In mathematics, a GCD domain is an integral domain R with the property that any two elements have a greatest common divisor (GCD); i.e., there is a unique minimal principal ideal containing the ideal generated by two given elements. Equivalently, any two elements of R have a least common multiple (LCM).
A GCD domain generalizes a unique factorization domain (UFD) to a non-Noetherian setting in the following sense: an integral domain is a UFD if and only if it is a GCD domain satisfying the ascending chain condition on principal ideals (and in particular if it is Noetherian).
GCD domains appear in the following chain of class inclusions:
Every irreducible element of a GCD domain is prime. A GCD domain is integrally closed, and every nonzero element is primal. In other words, every GCD domain is a Schreier domain.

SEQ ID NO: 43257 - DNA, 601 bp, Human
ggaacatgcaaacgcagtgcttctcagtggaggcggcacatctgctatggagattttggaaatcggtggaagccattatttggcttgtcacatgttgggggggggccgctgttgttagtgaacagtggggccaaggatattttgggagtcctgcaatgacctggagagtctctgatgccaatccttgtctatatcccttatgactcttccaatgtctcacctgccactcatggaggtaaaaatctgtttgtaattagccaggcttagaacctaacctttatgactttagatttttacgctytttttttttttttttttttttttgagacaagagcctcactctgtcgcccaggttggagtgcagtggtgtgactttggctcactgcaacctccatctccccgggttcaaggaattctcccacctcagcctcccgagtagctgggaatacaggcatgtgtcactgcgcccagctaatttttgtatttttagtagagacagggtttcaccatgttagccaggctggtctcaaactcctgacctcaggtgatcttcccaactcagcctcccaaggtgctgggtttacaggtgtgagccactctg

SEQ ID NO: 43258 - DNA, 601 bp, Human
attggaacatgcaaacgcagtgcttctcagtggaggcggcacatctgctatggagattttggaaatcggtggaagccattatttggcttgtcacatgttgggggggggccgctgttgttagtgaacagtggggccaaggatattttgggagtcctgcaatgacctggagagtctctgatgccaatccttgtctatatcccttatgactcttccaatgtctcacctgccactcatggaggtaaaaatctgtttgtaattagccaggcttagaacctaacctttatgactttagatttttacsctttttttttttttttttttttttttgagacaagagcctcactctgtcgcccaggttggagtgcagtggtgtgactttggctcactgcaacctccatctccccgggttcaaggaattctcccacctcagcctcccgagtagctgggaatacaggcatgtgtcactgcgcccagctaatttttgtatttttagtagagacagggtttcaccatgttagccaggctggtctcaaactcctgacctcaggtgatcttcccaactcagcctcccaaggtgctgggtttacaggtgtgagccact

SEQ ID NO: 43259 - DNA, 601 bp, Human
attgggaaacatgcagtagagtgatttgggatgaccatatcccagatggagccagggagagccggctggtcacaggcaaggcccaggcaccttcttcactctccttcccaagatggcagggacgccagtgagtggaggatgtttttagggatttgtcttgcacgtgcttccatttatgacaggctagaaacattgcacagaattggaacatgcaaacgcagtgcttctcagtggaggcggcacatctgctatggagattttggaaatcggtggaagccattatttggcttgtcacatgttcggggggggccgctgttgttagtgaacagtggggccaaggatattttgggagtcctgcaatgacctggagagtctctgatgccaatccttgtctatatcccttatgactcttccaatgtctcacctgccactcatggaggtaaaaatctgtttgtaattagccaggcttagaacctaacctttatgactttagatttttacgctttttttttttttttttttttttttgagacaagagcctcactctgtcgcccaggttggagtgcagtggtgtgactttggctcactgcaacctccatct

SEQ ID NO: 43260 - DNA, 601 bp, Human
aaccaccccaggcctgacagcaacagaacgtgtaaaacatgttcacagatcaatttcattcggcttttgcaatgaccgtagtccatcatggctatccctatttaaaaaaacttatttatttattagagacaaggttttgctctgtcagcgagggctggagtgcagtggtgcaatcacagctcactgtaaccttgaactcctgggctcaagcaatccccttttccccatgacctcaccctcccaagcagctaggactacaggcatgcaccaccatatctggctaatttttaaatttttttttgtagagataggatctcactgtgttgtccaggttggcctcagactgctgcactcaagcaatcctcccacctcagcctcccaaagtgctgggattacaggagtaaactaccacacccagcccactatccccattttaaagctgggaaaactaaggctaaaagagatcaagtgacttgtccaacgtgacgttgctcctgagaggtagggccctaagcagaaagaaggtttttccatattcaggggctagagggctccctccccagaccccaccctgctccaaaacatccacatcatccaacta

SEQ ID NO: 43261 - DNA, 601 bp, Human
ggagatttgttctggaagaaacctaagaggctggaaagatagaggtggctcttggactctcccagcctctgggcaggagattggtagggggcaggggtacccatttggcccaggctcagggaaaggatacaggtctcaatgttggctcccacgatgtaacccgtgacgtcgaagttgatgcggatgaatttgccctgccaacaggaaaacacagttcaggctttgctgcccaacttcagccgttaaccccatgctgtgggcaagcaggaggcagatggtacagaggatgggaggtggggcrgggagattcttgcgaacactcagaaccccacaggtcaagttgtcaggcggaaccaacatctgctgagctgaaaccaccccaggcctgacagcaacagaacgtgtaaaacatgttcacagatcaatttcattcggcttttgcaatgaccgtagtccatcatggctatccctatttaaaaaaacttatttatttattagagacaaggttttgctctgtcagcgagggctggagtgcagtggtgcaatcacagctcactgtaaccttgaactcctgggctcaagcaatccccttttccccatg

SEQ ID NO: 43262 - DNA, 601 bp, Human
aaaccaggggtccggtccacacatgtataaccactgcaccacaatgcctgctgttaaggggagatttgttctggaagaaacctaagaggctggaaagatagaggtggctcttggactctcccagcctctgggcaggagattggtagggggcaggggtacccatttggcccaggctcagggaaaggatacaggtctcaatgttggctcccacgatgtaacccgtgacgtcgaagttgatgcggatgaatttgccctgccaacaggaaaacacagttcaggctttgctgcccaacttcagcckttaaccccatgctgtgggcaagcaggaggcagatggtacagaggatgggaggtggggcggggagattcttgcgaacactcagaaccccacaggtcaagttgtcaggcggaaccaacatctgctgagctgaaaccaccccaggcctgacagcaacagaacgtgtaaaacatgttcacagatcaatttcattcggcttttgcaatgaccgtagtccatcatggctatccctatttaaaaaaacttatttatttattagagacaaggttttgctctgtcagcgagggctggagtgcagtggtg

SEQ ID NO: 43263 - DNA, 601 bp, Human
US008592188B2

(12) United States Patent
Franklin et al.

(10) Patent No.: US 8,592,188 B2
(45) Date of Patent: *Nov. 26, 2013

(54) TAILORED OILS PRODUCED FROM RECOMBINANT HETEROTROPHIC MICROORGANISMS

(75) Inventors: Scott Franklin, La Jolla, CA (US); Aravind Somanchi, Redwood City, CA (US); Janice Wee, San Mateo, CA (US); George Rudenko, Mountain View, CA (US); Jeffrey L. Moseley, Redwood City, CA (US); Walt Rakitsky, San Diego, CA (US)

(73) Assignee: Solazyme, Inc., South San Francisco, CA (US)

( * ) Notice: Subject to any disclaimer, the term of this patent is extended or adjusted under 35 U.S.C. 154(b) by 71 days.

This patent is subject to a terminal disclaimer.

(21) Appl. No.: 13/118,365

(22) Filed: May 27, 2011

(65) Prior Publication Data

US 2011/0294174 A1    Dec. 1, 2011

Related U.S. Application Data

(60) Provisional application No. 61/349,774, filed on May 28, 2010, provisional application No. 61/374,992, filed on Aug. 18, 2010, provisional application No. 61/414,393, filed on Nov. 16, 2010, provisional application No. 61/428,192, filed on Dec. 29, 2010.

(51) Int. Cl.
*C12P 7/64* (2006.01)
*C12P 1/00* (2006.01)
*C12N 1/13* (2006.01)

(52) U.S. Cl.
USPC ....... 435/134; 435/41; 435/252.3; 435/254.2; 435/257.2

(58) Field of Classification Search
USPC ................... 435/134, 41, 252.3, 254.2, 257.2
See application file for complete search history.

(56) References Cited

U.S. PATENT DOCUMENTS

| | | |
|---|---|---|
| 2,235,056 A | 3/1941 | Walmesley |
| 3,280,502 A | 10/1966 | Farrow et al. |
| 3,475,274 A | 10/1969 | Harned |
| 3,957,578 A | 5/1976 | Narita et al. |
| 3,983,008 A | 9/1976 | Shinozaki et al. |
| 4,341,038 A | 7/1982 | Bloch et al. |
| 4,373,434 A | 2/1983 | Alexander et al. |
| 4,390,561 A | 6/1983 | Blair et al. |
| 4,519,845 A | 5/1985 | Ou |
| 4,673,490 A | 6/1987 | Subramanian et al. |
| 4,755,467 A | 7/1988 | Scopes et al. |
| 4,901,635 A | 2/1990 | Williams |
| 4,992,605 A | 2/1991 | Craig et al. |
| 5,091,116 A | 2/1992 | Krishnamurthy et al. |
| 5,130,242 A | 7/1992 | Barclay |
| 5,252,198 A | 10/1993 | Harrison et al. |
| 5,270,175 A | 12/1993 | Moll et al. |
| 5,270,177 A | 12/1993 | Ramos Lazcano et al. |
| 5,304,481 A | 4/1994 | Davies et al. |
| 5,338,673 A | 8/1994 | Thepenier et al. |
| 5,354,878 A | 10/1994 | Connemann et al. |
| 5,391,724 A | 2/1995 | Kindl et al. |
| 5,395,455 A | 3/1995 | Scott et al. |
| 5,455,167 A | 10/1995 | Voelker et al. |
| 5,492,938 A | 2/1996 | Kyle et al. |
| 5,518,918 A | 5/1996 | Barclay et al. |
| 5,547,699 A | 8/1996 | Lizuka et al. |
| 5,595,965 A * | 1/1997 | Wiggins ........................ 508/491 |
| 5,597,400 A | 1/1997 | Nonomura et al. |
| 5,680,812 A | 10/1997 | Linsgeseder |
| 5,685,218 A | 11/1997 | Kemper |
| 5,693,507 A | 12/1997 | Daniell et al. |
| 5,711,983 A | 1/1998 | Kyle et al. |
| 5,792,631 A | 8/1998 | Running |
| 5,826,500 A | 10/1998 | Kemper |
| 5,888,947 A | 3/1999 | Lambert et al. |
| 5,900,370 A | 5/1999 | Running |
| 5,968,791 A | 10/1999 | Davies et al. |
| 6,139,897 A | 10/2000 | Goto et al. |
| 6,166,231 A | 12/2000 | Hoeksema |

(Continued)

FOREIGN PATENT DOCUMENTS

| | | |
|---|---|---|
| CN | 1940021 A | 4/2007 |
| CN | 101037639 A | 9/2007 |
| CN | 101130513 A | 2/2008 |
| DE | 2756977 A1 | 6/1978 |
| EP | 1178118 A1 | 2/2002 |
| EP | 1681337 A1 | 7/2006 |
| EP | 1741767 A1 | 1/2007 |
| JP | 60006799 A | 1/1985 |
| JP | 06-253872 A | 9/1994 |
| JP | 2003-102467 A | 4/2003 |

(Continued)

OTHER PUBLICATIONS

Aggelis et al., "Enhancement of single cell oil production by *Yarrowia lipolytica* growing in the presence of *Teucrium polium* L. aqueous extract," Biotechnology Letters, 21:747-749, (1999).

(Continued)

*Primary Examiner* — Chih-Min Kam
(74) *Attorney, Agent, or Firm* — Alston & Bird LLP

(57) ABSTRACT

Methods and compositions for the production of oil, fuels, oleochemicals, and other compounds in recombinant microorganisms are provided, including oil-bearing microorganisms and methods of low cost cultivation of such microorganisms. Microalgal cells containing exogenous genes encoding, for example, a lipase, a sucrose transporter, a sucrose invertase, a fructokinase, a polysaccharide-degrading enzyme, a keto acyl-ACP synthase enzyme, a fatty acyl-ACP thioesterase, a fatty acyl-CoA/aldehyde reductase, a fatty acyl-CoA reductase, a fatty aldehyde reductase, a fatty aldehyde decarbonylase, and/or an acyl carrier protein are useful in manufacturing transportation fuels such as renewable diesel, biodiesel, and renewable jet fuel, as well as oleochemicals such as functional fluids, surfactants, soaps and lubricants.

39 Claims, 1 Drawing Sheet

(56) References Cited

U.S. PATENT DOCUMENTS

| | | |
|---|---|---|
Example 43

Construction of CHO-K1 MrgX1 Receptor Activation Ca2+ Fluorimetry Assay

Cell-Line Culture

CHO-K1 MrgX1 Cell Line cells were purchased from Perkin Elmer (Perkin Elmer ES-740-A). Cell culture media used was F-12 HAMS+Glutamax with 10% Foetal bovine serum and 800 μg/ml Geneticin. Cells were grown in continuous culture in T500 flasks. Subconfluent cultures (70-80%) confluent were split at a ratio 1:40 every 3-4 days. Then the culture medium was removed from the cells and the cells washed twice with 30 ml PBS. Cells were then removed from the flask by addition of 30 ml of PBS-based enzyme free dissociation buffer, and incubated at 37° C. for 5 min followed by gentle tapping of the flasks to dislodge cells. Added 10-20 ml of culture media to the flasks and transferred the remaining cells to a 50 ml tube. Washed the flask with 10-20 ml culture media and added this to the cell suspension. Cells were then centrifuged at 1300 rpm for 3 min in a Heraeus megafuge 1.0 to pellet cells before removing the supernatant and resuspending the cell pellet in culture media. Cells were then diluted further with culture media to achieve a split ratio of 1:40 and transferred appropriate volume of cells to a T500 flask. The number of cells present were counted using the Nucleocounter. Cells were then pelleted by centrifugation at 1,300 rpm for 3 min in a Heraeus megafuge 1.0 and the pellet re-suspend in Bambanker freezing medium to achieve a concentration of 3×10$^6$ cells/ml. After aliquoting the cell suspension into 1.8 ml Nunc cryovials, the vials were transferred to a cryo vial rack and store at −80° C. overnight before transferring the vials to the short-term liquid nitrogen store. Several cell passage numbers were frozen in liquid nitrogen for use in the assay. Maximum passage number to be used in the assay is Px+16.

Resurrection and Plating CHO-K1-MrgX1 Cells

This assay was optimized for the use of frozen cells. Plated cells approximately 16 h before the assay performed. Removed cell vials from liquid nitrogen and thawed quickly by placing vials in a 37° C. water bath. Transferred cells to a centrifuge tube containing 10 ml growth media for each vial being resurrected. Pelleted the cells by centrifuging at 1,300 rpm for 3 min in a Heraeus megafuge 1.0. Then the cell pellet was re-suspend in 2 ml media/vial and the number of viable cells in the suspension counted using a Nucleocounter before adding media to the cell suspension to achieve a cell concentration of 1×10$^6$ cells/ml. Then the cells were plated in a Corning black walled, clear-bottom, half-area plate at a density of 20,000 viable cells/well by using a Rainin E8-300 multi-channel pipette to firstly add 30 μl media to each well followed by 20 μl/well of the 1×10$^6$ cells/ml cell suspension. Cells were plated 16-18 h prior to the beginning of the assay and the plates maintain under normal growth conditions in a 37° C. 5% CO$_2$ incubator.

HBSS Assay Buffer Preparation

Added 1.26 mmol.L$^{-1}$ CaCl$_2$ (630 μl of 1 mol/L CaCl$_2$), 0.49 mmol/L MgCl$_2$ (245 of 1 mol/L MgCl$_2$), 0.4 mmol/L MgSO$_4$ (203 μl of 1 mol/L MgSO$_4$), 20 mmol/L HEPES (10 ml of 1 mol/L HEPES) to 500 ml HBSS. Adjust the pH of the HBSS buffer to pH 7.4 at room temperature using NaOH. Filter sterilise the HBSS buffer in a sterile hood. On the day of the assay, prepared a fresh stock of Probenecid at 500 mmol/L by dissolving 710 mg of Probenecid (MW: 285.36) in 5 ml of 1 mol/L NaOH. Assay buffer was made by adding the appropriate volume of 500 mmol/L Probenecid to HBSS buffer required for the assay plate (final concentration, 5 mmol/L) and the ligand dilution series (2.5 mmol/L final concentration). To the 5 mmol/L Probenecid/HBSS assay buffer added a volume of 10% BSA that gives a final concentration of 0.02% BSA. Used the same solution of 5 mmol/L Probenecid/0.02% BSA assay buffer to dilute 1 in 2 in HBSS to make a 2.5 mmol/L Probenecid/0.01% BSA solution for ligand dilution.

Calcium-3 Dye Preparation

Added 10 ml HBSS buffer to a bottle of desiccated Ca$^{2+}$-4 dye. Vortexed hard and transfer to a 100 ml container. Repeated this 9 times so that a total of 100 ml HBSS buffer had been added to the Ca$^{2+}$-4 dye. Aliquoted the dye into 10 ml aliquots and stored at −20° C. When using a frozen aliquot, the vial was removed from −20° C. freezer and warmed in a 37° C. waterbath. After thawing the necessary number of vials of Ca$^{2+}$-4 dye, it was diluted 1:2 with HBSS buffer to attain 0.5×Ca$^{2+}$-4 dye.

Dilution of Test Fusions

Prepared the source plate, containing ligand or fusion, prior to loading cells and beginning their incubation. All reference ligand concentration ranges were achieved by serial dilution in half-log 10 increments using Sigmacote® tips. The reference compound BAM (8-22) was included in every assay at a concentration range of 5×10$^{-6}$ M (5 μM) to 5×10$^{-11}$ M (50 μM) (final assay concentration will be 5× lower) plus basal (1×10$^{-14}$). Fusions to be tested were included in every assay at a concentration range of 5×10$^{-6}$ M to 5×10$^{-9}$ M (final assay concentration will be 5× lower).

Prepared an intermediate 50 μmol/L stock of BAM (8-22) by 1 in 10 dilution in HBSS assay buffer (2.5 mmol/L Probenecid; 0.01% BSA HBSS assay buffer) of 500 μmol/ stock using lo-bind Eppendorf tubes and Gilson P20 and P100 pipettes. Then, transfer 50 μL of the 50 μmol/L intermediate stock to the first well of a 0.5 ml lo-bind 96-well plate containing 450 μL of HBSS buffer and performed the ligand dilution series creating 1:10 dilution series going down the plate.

For every pair of elements x, y of a GCD domain R, a GCD d of x and y and an LCM m of x and y can be chosen such that dm = xy, or stated differently, if x and y are nonzero elements and d is any GCD d of x and y, then xy/d is an LCM of x and y, and vice versa. It follows that the operations of GCD and LCM make the quotient R/~ into a distributive lattice, where "~" denotes the equivalence relation of being associate elements. The equivalence between the existence of GCDs and the existence of LCMs is not a corollary of the similar result on complete lattices, as the quotient R/~ need not be a complete lattice for a GCD domain R.
If R is a GCD domain, then the polynomial ring R[X1,...,Xn] is also a GCD domain.
R is a GCD domain if and only if finite intersections of its principal ideals are principal. In particular, , where is the LCM of and .
For a polynomial in X over a GCD domain, one can define its content as the GCD of all its coefficients. Then the content of a product of polynomials is the product of their contents, as expressed by Gauss's lemma, which is valid over GCD domains.